The problem (if there is one) with A♦ A♥ in the pocket is that after the flop you still have at least a pair of Aces to continue playing with.  That’s not true with A♠ K♣ and that’s what makes it easier to lose less money with it.  That is why, in my opinion, a♠ K♣ is sometimes more valuable to me than a pair of Aces in the pocket.
  This same line of reasoning applies to hands like 5♠ 4♠ and 5♥ 4♦. You can make your flush and lose a Lot of easy gaming Money but the hand is easier to throw away if it’s not suited and you don’t flop anything.
  One way to decide for yourself if you have a good hand or not after the flop is to try this simple exercise.

  1. Look at your hand and ask yourself what kind of flop or flops you would like to see.
  2. Now look at the flop without considering what you just did and ask yourself what kinds of hands would go well with a flop like this.

If you find that the flop fits your hand and your hand fits the flop, then you have an excellent hand.  If the flop doesn’t fit your hand and / or your hand doesn’t fit the flop, then you might have a problem hand and you certainly shouldn’t bet money on it.  Wait for a better hand.  you should get in the habit of doing this with every hand you play.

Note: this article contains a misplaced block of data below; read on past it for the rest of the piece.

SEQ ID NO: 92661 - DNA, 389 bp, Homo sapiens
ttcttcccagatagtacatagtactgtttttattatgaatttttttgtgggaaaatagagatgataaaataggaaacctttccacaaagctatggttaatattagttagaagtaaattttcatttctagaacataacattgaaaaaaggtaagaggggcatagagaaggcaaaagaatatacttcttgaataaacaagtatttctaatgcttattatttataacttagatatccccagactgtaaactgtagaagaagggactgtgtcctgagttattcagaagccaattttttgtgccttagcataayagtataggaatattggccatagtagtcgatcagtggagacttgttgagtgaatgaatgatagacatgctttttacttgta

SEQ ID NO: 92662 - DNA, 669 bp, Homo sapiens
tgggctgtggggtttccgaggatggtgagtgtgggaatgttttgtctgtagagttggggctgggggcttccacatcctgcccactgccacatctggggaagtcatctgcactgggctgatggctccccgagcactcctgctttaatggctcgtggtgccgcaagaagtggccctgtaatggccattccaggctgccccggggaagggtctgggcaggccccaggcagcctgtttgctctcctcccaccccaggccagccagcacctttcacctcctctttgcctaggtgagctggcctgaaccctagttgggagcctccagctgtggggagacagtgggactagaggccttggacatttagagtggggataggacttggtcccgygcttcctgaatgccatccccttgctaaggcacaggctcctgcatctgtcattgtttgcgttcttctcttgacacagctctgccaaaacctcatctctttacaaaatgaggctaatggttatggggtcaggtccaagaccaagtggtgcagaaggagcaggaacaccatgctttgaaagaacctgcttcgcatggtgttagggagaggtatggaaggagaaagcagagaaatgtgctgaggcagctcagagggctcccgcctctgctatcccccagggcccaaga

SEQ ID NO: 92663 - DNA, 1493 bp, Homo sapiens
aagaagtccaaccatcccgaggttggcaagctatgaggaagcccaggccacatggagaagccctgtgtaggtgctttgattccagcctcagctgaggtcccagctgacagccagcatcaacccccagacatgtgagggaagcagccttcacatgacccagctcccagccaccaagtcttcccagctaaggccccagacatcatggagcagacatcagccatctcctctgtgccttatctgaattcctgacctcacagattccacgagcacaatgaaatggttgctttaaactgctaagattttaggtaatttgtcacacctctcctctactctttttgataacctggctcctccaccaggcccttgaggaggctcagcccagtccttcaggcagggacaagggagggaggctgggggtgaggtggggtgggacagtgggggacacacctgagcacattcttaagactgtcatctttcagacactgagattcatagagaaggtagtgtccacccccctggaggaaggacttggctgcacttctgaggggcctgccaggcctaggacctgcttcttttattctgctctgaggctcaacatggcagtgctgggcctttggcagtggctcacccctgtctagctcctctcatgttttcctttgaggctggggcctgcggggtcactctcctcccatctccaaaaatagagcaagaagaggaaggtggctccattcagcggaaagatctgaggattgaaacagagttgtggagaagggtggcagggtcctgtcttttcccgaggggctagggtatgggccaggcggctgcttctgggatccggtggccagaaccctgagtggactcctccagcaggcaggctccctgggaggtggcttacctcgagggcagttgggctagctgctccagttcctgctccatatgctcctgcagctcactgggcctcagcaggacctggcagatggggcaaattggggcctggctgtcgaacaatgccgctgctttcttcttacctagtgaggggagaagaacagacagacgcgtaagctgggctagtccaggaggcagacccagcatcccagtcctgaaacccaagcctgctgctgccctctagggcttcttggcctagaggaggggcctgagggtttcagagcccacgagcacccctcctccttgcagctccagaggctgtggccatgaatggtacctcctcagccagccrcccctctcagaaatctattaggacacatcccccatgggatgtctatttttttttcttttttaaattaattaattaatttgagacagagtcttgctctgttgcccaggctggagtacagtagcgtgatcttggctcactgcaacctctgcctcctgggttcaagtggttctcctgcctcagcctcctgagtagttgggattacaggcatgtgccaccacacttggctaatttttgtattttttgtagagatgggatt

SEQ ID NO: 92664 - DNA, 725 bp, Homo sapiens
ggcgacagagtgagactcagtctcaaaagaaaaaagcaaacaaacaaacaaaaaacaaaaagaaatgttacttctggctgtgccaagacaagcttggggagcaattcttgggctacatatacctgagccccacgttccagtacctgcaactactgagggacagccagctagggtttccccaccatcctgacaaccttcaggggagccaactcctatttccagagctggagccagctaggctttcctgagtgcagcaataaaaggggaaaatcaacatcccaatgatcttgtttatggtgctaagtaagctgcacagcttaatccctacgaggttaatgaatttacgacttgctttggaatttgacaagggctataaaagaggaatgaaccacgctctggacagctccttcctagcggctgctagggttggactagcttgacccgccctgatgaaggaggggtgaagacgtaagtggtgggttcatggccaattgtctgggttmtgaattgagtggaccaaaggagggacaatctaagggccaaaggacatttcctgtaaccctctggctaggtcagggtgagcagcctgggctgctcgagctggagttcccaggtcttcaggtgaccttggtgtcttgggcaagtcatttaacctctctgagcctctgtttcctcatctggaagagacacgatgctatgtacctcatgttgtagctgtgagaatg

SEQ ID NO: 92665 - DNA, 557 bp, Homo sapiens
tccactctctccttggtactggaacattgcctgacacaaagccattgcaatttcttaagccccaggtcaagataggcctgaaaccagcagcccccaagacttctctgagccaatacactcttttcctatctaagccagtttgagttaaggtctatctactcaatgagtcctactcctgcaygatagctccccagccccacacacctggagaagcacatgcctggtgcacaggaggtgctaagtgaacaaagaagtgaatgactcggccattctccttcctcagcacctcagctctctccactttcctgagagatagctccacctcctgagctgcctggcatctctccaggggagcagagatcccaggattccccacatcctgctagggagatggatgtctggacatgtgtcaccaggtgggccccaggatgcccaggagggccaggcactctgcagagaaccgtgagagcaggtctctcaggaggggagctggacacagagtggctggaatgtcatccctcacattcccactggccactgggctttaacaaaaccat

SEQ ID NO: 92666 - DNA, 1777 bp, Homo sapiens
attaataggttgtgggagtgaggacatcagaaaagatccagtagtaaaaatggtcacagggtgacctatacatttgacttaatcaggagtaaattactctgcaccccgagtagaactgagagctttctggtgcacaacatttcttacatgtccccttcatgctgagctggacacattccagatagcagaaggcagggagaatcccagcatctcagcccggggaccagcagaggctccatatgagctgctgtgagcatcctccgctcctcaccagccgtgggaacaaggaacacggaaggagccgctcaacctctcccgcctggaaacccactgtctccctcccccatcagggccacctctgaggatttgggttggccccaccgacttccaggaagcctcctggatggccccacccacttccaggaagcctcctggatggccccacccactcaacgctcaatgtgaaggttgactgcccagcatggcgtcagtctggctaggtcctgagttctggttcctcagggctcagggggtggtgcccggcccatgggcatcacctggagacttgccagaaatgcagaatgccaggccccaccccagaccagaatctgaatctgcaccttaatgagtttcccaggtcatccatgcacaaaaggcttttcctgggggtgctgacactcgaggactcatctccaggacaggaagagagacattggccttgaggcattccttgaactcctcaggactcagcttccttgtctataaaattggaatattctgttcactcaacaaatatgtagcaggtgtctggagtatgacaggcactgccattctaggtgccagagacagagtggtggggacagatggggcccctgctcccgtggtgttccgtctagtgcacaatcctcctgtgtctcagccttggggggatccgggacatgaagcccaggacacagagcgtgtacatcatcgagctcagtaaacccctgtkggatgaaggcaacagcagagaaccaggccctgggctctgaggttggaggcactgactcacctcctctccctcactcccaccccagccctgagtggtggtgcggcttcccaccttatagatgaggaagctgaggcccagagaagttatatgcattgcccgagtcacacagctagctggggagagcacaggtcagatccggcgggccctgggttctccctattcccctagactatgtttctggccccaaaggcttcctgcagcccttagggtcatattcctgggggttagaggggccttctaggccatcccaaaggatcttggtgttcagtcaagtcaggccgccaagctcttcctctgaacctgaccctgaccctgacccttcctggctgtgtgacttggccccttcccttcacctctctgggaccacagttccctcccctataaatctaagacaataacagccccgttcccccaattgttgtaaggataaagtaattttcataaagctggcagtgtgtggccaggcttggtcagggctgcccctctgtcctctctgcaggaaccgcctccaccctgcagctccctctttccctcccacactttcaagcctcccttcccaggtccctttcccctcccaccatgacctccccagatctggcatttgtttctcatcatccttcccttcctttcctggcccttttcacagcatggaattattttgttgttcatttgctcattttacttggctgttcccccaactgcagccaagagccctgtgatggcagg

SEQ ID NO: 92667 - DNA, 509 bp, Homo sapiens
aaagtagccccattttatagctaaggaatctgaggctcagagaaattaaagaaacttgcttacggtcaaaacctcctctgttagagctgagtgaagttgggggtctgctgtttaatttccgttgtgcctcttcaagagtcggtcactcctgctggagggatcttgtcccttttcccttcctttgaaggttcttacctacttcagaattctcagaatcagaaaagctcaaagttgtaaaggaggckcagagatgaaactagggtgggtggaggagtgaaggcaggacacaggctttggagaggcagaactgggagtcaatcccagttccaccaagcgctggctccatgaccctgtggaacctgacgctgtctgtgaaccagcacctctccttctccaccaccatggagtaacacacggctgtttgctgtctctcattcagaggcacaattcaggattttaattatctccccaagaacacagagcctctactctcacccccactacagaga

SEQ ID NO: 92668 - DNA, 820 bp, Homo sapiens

Your hand is even stronger when you use both of your pocket cards to make your Poker Hand.  You will usually have the best hand and another player will have to have been dealt the exact same cards as you just to have a split pot.
  Look at this example of the power of using both of your hole cards: You have K♥ J♣ in the pocket and the board is Q♦ T♠ 9♥ 8♣ 3♥.  You have the nuts and you don’t even have to worry about a split pot because another player would have to be holding exactly a King and a Jack.  The odds are against another player holding exactly two specific cards to beat or tie you.
  But what it that last card, the 3♥, was instead the K♣ ?  Now, all anyone would need to split the pot with you would be a Jack, and it’s pretty likely to have a split pot because you’re using only one of your cards, the J♣, and it’s easy for anyone to hold just a Jack.

  Understanding the importance of position is so critical in this game that it means the difference between winning and losing with the same cards.  Hands that are playable and are winners in late position are often unplayable and losers in earlier positions.
  If you are first, second or third to act after the dealer, then you are said to be in early position.  This is also called being up front.  If you are the dealer, or one or two seats to the right of the dealer, then you are in late position.  The players after early position and before late position (and normally sitting directly across the table from the dealer) are in middle position.